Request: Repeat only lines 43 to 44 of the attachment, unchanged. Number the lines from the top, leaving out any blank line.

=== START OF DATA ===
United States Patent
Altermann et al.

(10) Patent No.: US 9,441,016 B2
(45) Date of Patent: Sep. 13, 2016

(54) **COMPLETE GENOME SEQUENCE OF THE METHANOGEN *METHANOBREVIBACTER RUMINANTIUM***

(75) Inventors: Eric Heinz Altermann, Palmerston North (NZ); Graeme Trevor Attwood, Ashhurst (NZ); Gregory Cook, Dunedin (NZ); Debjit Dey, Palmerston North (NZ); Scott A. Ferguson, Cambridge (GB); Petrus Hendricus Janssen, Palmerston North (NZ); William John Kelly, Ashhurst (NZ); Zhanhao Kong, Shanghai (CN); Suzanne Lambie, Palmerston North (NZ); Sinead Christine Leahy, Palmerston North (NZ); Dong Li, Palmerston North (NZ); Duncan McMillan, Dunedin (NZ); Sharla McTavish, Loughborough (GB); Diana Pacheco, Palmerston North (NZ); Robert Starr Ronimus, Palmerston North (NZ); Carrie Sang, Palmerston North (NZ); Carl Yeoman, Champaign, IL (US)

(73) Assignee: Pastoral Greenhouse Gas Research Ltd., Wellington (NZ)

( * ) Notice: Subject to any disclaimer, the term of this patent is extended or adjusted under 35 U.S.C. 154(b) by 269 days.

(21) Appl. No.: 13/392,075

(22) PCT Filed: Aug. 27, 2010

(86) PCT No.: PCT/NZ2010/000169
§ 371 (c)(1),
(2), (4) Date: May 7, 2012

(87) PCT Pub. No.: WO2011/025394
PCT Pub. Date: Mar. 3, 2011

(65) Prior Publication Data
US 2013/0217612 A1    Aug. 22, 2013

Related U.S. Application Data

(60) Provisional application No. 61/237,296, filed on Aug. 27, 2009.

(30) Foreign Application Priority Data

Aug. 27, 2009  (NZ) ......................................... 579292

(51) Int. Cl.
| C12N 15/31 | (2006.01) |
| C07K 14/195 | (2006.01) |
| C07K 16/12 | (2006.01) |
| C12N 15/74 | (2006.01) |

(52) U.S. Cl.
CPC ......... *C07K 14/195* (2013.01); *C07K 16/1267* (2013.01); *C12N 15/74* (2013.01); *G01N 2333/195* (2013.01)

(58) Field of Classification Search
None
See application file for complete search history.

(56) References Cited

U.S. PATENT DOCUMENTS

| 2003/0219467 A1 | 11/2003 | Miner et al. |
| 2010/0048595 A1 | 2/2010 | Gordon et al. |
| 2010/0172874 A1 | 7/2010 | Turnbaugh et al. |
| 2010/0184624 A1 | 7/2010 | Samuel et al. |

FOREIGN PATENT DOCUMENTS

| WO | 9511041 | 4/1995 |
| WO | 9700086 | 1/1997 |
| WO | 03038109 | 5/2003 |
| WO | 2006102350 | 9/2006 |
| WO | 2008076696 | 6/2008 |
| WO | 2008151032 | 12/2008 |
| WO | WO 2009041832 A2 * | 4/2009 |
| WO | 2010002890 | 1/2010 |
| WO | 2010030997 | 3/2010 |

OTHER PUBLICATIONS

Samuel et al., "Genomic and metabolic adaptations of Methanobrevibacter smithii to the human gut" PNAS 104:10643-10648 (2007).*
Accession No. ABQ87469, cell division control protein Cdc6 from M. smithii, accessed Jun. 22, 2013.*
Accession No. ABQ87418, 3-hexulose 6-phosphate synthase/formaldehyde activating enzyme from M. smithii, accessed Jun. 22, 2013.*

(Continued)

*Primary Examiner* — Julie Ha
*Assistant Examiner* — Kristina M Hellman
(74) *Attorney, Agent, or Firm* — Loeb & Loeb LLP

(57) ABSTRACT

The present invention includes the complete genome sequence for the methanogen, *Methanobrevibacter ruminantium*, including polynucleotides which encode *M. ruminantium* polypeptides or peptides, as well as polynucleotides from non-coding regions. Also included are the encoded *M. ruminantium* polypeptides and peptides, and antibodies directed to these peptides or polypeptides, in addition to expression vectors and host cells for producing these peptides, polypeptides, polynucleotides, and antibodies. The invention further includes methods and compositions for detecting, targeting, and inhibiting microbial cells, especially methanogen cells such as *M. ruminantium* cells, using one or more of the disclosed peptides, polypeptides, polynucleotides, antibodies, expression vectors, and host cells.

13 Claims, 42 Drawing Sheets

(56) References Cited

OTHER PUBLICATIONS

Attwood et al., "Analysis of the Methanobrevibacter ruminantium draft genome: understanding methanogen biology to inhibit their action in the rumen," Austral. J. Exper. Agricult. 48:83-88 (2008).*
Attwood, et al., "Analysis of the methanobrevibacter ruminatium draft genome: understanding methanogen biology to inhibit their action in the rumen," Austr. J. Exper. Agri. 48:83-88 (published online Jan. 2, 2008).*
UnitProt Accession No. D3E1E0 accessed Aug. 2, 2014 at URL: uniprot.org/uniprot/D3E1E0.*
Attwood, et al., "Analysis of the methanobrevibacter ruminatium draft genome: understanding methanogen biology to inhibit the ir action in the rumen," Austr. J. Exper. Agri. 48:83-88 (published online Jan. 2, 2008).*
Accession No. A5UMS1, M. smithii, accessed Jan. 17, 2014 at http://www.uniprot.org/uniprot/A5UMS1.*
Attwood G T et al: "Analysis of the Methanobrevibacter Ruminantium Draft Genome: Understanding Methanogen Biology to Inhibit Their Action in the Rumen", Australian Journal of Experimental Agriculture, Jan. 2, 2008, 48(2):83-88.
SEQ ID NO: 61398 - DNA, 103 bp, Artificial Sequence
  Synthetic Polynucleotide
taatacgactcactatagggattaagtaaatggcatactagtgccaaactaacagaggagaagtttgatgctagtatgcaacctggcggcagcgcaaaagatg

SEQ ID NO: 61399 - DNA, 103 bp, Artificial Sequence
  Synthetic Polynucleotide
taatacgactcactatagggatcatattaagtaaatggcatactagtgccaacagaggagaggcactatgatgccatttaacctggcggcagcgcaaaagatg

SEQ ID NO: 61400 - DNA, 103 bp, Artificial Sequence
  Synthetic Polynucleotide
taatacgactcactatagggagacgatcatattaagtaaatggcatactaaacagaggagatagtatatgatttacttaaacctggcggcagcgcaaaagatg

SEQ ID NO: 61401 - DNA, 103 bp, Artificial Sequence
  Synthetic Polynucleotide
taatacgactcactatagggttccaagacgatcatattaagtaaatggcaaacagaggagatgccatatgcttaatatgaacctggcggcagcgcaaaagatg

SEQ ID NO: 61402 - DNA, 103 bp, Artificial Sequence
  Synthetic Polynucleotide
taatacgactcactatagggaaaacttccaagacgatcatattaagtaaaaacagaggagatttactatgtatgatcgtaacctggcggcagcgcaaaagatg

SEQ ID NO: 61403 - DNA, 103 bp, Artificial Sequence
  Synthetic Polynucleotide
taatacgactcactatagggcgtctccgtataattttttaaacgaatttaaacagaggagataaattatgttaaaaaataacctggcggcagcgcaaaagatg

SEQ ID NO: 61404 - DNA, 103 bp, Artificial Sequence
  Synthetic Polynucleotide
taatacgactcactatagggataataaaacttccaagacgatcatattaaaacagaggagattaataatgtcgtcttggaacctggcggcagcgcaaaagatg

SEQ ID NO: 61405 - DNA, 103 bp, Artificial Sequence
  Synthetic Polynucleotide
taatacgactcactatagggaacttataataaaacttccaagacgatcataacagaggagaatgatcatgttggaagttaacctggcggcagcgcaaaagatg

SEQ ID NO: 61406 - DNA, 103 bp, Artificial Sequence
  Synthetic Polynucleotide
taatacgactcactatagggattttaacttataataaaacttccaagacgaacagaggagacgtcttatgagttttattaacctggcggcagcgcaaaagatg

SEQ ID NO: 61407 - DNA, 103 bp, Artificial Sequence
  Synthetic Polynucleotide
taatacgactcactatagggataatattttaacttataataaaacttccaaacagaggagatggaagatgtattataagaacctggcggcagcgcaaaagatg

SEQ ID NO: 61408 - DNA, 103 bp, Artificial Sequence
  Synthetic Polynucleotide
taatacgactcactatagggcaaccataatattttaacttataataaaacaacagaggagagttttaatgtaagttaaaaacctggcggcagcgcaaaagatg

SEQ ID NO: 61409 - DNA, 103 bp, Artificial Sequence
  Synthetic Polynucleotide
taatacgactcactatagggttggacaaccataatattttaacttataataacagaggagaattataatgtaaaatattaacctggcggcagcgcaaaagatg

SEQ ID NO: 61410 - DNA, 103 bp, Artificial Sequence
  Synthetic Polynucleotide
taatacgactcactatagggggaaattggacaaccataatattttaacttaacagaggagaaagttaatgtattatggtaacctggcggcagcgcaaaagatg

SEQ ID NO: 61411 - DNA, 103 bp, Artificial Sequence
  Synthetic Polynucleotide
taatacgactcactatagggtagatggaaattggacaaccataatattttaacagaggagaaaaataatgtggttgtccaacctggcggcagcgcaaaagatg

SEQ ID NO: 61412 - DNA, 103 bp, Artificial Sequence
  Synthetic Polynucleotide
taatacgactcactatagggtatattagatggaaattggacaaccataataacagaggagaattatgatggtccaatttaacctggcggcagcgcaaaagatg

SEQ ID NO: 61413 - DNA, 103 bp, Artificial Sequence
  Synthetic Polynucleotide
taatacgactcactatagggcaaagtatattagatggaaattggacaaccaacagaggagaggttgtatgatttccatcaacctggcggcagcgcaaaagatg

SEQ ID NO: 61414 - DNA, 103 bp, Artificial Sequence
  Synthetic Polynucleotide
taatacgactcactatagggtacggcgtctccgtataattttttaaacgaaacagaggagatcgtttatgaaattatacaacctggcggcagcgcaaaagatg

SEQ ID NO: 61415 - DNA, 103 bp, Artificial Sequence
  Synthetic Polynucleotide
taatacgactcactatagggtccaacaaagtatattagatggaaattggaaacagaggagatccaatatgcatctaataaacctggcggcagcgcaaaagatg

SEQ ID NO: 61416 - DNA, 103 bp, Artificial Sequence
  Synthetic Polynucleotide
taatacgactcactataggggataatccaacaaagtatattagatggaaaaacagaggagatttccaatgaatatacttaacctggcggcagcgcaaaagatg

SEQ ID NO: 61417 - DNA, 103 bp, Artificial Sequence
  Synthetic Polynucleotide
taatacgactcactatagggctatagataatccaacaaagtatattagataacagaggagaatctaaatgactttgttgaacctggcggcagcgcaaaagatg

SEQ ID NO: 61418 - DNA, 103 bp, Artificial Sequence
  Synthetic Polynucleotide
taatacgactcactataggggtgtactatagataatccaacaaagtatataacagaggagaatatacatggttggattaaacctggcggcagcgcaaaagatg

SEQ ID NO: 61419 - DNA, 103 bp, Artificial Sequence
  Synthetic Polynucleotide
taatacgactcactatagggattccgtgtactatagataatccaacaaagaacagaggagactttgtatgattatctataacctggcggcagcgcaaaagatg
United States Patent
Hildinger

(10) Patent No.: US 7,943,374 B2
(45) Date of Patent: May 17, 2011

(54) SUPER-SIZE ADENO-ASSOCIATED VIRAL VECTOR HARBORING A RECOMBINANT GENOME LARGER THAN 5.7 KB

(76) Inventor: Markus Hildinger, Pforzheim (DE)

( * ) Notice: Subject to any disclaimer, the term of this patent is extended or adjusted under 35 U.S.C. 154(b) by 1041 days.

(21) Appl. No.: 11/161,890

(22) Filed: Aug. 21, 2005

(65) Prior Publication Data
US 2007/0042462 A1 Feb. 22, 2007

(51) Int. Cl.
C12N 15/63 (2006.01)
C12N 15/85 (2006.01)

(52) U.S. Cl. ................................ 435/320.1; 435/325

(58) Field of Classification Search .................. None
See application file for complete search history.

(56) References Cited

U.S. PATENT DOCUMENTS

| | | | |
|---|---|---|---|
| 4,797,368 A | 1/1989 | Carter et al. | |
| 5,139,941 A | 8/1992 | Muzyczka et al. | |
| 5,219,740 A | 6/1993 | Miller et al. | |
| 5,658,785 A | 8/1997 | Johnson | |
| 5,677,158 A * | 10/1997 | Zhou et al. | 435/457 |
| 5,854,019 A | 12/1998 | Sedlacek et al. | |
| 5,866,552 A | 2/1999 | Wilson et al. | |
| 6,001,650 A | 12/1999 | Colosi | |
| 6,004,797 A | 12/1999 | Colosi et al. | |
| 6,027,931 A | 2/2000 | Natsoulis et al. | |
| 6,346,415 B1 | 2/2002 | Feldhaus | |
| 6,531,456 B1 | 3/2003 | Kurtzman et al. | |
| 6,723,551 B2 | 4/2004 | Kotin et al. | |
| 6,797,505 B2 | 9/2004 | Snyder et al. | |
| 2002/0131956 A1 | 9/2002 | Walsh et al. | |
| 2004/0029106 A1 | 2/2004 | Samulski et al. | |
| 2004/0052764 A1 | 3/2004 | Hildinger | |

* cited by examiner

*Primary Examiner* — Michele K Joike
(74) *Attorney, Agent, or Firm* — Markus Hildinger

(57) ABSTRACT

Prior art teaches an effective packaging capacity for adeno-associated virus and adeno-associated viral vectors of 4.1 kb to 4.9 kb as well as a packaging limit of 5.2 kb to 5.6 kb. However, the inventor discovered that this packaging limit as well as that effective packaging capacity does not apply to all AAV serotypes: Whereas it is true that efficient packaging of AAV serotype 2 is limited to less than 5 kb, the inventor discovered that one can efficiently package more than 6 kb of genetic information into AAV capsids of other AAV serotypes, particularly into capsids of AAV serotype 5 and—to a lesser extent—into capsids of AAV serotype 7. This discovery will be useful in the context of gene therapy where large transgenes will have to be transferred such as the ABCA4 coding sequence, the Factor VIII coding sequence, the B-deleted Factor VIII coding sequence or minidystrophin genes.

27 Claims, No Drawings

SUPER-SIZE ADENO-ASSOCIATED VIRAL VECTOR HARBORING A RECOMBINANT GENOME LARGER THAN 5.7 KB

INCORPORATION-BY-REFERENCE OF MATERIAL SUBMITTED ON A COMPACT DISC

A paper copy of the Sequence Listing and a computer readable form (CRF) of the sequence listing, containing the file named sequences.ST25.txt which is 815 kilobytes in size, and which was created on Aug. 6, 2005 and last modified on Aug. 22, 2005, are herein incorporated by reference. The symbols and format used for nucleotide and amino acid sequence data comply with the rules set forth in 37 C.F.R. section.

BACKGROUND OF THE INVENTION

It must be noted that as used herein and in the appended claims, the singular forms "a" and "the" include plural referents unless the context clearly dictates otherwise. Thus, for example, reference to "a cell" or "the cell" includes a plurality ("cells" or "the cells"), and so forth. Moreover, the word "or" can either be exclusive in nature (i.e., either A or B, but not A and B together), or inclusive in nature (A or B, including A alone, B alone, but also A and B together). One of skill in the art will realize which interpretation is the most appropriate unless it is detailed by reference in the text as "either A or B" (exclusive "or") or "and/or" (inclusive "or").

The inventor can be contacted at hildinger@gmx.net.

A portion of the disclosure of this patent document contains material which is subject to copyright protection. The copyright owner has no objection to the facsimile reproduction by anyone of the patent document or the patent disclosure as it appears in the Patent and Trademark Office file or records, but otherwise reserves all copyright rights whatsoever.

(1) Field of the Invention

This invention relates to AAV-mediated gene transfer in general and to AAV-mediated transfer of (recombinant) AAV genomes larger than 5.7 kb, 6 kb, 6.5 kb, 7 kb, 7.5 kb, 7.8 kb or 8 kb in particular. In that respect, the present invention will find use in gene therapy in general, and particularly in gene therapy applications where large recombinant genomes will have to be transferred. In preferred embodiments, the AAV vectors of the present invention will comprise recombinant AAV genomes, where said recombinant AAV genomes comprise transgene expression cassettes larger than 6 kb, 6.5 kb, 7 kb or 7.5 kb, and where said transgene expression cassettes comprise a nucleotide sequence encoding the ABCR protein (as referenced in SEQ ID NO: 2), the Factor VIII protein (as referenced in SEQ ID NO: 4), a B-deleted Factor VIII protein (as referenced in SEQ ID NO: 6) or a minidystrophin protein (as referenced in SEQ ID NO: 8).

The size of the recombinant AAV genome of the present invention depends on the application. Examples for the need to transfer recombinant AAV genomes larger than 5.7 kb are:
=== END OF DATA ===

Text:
| WO | 2008076696 | 6/2008 |
| WO | 2008151032 | 12/2008 |